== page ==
7 Startling Statistics That Put the Gender Gap in Politics in Perspective
Last weekend's snowstorm made everyone's Tuesday morning commute a little bit more difficult. In fact, it resulted in only the women employees showing up on the Senate floor. Equally epic is the support garnered by presidential hopeful and former Secretary of State Hillary Clinton. Clinton has some solid endorsements: Planned Parenthood (their first endorsement ever) and also America's largest LGBT rights group called the Human Rights Campaign. It seems that strides are being made, right?
Sort of. A look at the hard evidence shows us that women still have a long way to go in leveling the political field — and it's been a slow progressive crawl to begin with. Although women make up a little over 50% of the United States' population, in 1999 they peaked at about 27.6% in statewide elective offices (like governor), according to research by Rutgers University. In 2015, that measurement is at 24.7%, and the stats for females in Congress or the Senate are even lower. The rates are even worse for women of color.
Part of this is due to society being conditioned to believe that women's votes or political ambitions won't actually make tangible political changes, according to the Wall Street Journal. "But I want them to know every legislative body impacts your life, so you need to make sure the interests that are important to you are heard," vice president of communications for the National Women's Political Caucus Deidre Malone said, according to Refinery29.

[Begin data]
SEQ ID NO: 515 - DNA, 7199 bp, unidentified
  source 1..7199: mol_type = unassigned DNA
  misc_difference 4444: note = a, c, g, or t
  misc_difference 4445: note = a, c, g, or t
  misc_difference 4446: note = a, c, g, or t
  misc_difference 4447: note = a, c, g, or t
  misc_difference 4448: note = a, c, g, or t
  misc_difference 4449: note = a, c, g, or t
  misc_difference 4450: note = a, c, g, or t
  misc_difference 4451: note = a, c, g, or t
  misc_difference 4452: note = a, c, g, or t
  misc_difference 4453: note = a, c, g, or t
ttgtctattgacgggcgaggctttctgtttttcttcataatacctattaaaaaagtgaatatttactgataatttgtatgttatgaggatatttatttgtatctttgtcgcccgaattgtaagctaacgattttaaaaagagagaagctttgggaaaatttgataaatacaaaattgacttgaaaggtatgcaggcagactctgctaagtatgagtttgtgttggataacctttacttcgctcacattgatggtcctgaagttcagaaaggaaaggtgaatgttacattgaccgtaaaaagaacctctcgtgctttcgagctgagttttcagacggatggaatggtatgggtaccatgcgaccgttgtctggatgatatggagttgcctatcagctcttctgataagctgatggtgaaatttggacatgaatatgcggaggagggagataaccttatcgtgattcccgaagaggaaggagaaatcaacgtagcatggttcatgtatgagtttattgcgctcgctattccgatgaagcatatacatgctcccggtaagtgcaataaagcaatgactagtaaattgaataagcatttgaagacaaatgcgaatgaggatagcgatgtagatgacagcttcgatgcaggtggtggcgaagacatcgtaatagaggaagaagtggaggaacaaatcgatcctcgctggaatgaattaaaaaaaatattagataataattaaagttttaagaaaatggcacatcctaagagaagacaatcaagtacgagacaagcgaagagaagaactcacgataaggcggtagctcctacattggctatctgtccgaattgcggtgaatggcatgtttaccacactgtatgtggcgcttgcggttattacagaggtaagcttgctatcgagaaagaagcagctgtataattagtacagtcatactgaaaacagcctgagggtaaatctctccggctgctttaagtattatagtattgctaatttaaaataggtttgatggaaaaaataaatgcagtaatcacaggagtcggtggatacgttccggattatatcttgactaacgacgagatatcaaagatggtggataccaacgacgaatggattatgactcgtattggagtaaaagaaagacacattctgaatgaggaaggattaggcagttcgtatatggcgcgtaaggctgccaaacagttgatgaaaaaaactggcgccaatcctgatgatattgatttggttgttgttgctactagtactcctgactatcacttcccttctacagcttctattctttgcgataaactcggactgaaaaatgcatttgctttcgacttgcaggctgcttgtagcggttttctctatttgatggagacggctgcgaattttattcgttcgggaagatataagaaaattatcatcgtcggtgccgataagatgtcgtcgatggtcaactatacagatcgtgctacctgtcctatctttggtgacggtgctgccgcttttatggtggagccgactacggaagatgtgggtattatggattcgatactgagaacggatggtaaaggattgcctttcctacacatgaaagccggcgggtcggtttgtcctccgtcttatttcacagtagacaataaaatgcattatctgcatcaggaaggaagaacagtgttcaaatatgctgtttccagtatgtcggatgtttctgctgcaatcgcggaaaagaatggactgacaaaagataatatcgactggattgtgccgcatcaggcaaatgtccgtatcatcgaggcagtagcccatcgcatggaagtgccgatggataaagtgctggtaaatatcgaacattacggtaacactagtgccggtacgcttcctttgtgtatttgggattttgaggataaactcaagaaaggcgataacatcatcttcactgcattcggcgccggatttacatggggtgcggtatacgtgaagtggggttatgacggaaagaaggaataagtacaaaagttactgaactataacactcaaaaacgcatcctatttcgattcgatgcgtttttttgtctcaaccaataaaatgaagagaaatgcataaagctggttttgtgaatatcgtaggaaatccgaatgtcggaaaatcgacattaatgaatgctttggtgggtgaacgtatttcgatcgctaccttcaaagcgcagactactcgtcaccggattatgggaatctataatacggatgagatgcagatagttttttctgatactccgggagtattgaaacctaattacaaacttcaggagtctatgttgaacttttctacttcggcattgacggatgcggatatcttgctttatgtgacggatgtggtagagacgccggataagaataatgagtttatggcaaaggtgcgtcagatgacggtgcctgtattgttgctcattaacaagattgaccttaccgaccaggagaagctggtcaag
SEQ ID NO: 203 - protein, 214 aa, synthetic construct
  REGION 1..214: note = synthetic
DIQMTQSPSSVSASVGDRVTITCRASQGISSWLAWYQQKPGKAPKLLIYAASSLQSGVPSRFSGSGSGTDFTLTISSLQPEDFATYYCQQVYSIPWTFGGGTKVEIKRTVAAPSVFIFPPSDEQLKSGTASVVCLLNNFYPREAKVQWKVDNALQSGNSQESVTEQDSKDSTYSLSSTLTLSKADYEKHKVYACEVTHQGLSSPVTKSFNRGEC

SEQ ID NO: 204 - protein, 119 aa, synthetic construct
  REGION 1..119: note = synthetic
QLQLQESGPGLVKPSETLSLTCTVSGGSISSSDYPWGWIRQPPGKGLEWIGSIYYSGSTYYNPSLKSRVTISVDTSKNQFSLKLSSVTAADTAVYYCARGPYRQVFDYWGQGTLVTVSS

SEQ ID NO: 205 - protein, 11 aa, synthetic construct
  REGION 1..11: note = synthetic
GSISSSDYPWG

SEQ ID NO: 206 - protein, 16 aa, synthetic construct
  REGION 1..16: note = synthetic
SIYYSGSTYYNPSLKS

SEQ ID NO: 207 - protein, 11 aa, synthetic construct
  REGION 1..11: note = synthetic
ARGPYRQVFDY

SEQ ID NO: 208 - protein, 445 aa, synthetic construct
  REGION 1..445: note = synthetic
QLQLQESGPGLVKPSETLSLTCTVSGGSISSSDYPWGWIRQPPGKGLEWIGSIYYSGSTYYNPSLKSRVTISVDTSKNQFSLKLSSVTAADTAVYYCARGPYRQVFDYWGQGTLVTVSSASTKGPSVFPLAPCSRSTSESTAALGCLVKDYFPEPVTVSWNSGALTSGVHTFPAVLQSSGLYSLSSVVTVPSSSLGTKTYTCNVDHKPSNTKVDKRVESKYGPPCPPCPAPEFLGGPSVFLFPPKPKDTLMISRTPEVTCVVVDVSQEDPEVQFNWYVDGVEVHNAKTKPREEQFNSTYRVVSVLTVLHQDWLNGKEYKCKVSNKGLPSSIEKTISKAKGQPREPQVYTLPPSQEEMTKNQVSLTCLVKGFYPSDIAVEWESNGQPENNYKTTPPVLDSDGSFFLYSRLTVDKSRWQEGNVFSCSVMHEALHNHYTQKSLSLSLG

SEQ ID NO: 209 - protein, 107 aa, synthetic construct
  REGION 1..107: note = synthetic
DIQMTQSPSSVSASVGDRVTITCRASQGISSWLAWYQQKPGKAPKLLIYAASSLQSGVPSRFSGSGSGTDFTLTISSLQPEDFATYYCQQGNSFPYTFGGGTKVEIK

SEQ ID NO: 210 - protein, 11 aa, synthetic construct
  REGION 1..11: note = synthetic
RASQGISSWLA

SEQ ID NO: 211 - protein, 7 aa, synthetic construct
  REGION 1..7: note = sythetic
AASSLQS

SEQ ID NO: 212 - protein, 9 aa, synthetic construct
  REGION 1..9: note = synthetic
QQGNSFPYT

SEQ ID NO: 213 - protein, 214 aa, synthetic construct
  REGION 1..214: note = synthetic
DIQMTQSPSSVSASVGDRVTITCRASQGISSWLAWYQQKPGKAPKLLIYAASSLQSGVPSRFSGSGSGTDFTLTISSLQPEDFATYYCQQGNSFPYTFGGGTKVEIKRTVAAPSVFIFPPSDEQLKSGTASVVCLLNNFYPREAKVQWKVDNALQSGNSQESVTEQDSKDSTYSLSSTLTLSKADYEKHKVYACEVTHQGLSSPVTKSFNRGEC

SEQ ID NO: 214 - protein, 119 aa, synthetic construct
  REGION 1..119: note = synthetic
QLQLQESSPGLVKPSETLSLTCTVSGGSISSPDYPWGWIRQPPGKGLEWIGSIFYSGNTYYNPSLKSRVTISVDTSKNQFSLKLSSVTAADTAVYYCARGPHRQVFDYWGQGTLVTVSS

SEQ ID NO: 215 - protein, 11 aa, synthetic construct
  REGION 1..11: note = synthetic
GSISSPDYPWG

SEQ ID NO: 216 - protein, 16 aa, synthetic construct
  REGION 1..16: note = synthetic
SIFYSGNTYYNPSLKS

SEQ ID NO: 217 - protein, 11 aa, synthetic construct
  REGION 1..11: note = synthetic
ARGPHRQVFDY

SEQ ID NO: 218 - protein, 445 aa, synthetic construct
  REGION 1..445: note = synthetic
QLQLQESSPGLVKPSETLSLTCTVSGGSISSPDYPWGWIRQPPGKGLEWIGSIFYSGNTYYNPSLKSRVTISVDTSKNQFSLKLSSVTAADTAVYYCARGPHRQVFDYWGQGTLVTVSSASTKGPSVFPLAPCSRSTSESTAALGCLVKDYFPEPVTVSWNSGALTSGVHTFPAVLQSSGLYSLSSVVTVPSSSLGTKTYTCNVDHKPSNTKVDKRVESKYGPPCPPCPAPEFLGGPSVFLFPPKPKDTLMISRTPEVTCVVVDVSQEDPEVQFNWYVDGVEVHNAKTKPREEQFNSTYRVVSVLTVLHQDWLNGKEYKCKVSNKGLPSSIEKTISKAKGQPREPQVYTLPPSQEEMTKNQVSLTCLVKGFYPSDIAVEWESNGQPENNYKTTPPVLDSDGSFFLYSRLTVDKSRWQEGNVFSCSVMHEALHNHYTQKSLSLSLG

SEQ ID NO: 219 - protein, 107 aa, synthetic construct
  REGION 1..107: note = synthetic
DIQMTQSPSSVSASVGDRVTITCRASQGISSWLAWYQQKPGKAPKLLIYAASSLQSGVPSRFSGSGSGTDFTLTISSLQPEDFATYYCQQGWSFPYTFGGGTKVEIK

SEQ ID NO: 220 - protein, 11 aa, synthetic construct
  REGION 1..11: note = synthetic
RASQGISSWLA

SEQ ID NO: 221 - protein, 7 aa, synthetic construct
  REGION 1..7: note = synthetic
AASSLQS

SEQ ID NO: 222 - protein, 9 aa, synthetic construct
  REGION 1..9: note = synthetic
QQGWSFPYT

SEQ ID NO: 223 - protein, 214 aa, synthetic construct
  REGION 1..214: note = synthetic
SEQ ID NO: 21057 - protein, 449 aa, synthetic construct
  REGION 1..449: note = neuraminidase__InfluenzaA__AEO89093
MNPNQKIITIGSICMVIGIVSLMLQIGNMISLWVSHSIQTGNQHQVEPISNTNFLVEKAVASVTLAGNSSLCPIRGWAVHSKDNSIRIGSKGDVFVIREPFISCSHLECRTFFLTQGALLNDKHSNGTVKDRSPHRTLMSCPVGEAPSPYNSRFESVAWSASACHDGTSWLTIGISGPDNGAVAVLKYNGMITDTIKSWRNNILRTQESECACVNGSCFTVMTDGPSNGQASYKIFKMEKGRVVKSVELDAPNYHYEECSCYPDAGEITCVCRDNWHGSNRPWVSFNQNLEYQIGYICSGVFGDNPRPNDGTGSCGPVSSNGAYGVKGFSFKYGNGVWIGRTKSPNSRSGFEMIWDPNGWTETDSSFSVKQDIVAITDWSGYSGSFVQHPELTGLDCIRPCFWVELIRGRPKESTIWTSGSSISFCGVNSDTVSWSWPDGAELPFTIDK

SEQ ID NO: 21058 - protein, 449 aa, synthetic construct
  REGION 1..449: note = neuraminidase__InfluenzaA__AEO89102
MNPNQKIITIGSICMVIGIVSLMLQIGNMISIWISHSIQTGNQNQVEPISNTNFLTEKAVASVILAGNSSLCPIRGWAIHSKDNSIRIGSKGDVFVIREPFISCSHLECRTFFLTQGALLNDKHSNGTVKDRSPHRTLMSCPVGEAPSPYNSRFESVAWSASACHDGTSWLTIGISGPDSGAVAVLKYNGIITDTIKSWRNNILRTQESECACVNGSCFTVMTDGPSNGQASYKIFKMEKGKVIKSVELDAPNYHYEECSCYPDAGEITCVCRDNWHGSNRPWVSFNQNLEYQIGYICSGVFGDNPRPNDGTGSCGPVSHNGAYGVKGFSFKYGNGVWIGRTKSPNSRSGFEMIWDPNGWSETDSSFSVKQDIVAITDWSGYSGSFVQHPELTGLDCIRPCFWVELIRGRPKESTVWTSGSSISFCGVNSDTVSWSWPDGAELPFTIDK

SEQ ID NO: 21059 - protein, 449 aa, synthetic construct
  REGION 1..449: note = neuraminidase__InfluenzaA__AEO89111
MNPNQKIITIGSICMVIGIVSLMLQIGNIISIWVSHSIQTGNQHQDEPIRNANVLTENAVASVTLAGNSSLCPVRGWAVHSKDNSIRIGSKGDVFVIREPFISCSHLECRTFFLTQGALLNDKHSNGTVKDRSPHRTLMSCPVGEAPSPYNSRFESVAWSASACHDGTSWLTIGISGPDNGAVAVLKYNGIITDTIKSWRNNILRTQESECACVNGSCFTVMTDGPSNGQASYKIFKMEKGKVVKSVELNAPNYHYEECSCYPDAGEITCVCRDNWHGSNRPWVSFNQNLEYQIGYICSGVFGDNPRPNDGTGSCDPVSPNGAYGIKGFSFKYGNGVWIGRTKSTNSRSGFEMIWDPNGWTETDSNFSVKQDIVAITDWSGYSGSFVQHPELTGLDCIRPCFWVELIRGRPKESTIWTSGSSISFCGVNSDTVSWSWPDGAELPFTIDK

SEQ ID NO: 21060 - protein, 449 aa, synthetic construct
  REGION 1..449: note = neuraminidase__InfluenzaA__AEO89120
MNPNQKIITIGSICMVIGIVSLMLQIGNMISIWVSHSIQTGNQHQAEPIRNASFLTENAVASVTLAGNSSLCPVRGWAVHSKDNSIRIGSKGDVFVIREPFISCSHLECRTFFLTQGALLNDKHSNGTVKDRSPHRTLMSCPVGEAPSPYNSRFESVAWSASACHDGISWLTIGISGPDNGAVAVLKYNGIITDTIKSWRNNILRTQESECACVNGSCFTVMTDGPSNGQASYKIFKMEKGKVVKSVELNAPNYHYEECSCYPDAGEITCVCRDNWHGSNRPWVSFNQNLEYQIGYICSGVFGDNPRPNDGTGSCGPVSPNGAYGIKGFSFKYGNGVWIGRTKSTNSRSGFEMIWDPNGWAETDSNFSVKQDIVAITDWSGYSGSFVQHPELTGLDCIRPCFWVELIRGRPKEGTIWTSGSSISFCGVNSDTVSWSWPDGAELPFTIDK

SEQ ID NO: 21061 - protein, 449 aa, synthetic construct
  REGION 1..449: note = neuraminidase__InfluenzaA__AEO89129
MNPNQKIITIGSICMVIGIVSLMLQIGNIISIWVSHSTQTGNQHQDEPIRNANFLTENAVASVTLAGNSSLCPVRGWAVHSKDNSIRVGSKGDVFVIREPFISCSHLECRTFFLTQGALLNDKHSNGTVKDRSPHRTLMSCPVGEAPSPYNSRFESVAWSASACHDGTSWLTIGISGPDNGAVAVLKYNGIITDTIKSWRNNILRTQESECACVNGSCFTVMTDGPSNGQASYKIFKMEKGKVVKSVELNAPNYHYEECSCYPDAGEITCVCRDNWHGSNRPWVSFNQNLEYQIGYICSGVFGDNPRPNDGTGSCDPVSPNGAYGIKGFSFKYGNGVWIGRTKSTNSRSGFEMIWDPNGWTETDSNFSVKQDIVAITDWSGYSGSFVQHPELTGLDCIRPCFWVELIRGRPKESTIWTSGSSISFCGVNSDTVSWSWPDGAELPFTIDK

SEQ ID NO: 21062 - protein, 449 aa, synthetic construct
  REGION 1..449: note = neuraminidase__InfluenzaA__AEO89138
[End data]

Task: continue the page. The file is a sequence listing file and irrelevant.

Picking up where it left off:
To help paint the picture of just how big the gender gap in politics is, below are a few statistics:
1. Women are extremely outnumbered in Congress.
In 2015, women held 104 of the 535 seats of Congress, which is about 19.4%. The number is barely higher for the House of Representatives, where women held 84, or 20%, of the 435 seats, Rutgers University found. Out of 100 people in the Senate, only 20 are women.
2. Since 1917, only 299 women have served as a U.S. representative or senator, according to the Pew Research Center.
To put this in perspective, there's a total of 435 representatives right now.
3. In the history of the United States, there have been only four female Supreme Court justices, according to the Huffington Post.
There have been 112 justices in general as of 2010, according to the Supreme Court's website.
4. The 2014 midterm election was a landmark in female political history; for the first time, more than 100 women finally served in Congress, the Pew Research Center found.
5. The problem spans worldwide too.
In 2014, only five countries out of the G20 had at least a third of women in senior leadership roles in the public sector, according to research from EY's Worldwide Index of Women as Public Sector Leaders.